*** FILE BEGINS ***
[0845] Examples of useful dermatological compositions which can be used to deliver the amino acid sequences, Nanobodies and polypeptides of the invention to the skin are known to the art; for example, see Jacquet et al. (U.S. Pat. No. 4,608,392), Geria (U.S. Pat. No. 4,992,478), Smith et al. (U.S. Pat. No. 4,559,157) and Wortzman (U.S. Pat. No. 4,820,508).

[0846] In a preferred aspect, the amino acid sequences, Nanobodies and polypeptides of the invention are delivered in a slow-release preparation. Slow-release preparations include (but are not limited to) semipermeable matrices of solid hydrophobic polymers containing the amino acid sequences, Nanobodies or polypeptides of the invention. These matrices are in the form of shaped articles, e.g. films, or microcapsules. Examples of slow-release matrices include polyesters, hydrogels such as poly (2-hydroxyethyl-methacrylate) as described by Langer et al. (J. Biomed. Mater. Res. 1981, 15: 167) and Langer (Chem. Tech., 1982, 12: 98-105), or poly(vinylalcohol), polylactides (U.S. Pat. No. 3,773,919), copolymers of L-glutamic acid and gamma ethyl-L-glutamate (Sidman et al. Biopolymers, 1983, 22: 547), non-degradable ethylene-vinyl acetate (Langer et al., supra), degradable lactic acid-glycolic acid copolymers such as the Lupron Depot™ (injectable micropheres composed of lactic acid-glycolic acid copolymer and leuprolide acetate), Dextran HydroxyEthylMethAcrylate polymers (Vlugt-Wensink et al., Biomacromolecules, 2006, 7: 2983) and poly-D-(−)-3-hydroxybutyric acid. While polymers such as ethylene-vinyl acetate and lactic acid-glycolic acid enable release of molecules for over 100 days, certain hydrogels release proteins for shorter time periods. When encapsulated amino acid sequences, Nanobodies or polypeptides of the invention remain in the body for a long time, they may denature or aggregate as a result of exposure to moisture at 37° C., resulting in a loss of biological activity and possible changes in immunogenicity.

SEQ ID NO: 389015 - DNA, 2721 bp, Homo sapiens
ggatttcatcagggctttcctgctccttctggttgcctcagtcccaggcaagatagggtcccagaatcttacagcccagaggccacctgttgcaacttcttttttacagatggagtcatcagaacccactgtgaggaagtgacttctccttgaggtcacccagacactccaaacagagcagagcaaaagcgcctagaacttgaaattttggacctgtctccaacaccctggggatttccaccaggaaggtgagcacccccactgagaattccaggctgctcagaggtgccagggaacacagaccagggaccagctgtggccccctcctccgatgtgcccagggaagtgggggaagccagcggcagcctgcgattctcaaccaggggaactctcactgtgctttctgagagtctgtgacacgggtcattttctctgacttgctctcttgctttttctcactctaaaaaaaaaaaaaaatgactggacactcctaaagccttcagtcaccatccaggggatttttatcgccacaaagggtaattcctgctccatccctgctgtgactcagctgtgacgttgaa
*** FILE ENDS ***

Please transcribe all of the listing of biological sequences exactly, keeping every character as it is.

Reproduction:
[0845] Examples of useful dermatological compositions which can be used to deliver the amino acid sequences, Nanobodies and polypeptides of the invention to the skin are known to the art; for example, see Jacquet et al. (U.S. Pat. No. 4,608,392), Geria (U.S. Pat. No. 4,992,478), Smith et al. (U.S. Pat. No. 4,559,157) and Wortzman (U.S. Pat. No. 4,820,508).

[0846] In a preferred aspect, the amino acid sequences, Nanobodies and polypeptides of the invention are delivered in a slow-release preparation. Slow-release preparations include (but are not limited to) semipermeable matrices of solid hydrophobic polymers containing the amino acid sequences, Nanobodies or polypeptides of the invention. These matrices are in the form of shaped articles, e.g. films, or microcapsules. Examples of slow-release matrices include polyesters, hydrogels such as poly (2-hydroxyethyl-methacrylate) as described by Langer et al. (J. Biomed. Mater. Res. 1981, 15: 167) and Langer (Chem. Tech., 1982, 12: 98-105), or poly(vinylalcohol), polylactides (U.S. Pat. No. 3,773,919), copolymers of L-glutamic acid and gamma ethyl-L-glutamate (Sidman et al. Biopolymers, 1983, 22: 547), non-degradable ethylene-vinyl acetate (Langer et al., supra), degradable lactic acid-glycolic acid copolymers such as the Lupron Depot™ (injectable micropheres composed of lactic acid-glycolic acid copolymer and leuprolide acetate), Dextran HydroxyEthylMethAcrylate polymers (Vlugt-Wensink et al., Biomacromolecules, 2006, 7: 2983) and poly-D-(−)-3-hydroxybutyric acid. While polymers such as ethylene-vinyl acetate and lactic acid-glycolic acid enable release of molecules for over 100 days, certain hydrogels release proteins for shorter time periods. When encapsulated amino acid sequences, Nanobodies or polypeptides of the invention remain in the body for a long time, they may denature or aggregate as a result of exposure to moisture at 37° C., resulting in a loss of biological activity and possible changes in immunogenicity.

SEQ ID NO: 389015 - DNA, 2721 bp, Homo sapiens
ggatttcatcagggctttcctgctccttctggttgcctcagtcccaggcaagatagggtcccagaatcttacagcccagaggccacctgttgcaacttcttttttacagatggagtcatcagaacccactgtgaggaagtgacttctccttgaggtcacccagacactccaaacagagcagagcaaaagcgcctagaacttgaaattttggacctgtctccaacaccctggggatttccaccaggaaggtgagcacccccactgagaattccaggctgctcagaggtgccagggaacacagaccagggaccagctgtggccccctcctccgatgtgcccagggaagtgggggaagccagcggcagcctgcgattctcaaccaggggaactctcactgtgctttctgagagtctgtgacacgggtcattttctctgacttgctctcttgctttttctcactctaaaaaaaaaaaaaaatgactggacactcctaaagccttcagtcaccatccaggggatttttatcgccacaaagggtaattcctgctccatccctgctgtgactcagctgtgacgttgaa